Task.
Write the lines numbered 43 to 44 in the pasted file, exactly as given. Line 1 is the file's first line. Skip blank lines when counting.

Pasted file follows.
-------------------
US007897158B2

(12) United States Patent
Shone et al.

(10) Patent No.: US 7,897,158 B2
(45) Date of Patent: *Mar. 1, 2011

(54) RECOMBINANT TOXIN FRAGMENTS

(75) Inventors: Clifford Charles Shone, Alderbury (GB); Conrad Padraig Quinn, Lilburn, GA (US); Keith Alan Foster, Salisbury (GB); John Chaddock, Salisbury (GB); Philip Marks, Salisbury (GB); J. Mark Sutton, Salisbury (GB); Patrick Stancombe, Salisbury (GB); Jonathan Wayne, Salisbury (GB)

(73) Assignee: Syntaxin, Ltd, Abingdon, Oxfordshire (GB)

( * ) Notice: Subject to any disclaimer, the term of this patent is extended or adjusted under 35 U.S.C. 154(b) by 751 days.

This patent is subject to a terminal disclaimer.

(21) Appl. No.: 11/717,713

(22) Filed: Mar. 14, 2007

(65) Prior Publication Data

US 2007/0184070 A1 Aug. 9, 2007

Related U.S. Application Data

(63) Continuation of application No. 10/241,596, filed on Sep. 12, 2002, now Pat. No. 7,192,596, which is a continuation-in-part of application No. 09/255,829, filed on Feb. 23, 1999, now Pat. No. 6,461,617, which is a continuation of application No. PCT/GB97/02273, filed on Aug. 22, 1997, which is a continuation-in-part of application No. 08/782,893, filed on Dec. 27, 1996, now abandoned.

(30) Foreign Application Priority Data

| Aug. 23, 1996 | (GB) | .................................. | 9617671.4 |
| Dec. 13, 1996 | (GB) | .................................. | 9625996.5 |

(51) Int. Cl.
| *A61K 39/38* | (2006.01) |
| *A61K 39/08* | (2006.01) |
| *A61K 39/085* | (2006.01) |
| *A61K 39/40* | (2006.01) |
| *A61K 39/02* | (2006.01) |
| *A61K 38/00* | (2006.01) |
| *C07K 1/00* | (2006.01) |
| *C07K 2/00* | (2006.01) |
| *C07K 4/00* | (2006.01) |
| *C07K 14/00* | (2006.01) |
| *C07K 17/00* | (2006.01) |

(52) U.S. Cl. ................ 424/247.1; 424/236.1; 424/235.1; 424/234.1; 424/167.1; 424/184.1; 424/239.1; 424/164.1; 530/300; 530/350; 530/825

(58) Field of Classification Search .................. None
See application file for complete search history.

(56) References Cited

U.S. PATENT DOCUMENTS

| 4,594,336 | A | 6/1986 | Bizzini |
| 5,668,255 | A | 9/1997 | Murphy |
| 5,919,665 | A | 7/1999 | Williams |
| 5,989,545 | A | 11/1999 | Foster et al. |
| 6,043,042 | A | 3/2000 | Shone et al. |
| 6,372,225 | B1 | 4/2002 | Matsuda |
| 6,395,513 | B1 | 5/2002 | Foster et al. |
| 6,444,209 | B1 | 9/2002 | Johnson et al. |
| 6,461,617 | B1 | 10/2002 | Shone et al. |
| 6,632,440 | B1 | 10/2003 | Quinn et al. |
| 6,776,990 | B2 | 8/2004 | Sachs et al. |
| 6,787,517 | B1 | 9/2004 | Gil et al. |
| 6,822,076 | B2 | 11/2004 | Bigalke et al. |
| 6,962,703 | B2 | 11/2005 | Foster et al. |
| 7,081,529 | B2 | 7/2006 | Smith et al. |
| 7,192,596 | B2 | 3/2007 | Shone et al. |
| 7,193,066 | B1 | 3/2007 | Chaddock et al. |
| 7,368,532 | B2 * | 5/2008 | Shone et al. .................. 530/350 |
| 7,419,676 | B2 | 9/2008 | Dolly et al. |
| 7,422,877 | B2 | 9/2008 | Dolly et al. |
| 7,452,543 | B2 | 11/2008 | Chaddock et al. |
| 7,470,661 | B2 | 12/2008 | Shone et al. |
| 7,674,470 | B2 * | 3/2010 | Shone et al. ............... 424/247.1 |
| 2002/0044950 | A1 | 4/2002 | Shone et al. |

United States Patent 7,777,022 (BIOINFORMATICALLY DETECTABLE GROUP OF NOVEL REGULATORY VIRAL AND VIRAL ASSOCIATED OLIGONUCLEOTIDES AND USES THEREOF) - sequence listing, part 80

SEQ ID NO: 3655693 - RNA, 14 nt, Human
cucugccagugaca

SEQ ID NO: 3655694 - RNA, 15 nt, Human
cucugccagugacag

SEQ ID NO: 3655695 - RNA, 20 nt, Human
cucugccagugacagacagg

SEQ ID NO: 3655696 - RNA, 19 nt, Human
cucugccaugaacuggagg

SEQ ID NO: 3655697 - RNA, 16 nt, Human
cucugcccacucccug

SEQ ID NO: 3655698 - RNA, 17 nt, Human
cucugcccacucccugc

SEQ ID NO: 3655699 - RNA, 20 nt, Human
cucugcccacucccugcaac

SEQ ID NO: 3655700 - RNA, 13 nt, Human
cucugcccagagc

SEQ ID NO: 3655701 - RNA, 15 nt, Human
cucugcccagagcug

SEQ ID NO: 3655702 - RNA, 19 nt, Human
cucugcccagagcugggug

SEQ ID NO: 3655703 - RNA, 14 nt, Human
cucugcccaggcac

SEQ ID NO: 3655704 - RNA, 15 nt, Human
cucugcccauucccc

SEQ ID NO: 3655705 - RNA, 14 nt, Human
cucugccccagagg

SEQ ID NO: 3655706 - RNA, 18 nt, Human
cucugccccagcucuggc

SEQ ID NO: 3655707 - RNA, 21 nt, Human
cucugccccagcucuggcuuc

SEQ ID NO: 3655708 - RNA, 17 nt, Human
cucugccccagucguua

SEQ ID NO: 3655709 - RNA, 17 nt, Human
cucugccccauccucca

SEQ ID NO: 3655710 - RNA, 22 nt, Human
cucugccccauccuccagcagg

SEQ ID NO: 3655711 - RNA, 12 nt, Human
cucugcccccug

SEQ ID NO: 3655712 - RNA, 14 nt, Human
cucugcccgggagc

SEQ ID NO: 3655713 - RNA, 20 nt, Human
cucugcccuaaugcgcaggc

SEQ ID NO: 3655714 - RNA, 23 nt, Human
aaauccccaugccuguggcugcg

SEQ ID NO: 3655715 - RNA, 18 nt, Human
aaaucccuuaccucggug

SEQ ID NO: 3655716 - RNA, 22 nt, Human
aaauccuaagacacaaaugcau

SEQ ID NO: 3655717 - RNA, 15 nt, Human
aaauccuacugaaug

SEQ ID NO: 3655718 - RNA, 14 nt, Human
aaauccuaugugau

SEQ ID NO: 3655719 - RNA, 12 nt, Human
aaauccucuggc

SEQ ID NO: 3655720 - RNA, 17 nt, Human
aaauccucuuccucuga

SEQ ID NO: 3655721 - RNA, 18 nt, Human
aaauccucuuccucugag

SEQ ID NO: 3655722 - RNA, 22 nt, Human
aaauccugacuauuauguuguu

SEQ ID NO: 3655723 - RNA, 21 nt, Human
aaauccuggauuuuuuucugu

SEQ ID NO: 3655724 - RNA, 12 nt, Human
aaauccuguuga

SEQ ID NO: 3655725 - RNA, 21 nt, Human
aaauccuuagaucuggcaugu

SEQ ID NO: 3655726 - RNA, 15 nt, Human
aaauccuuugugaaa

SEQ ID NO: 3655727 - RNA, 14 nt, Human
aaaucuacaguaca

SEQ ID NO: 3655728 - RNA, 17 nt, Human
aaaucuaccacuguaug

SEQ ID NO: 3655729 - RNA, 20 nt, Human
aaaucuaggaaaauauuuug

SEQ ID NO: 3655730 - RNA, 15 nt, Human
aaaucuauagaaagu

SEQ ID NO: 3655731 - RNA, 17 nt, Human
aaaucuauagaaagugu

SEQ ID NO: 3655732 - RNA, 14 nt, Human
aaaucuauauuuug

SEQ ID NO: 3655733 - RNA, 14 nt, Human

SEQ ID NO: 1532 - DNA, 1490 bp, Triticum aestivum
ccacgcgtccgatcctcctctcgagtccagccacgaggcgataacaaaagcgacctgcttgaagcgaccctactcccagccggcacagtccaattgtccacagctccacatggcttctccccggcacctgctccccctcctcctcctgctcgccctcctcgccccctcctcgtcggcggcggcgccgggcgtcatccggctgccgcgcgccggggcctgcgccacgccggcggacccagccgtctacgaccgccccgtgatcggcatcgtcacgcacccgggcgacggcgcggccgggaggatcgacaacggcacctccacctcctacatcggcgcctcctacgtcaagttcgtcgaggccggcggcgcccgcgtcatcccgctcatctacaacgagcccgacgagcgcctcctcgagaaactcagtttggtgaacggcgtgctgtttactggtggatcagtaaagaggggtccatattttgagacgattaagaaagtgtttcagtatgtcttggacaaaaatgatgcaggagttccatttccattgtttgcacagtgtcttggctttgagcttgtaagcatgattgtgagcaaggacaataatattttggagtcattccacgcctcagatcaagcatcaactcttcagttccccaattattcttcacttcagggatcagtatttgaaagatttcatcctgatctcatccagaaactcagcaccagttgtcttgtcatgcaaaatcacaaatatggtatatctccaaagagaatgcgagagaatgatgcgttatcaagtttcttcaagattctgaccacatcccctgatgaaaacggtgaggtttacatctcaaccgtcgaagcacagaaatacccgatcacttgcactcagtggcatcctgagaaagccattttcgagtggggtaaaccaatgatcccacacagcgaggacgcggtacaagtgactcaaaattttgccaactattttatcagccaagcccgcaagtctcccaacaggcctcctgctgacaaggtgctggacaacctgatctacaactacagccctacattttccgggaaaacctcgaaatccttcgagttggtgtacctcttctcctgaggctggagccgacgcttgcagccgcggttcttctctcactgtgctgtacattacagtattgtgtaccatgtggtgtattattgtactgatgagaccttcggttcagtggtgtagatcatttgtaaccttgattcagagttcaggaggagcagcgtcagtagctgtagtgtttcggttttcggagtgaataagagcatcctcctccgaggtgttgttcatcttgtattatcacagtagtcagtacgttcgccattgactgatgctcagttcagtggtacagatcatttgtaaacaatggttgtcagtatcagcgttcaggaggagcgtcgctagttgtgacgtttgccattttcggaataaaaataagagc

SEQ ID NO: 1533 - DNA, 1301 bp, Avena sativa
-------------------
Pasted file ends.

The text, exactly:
| 6,395,513 | B1 | 5/2002 | Foster et al. |
| 6,444,209 | B1 | 9/2002 | Johnson et al. |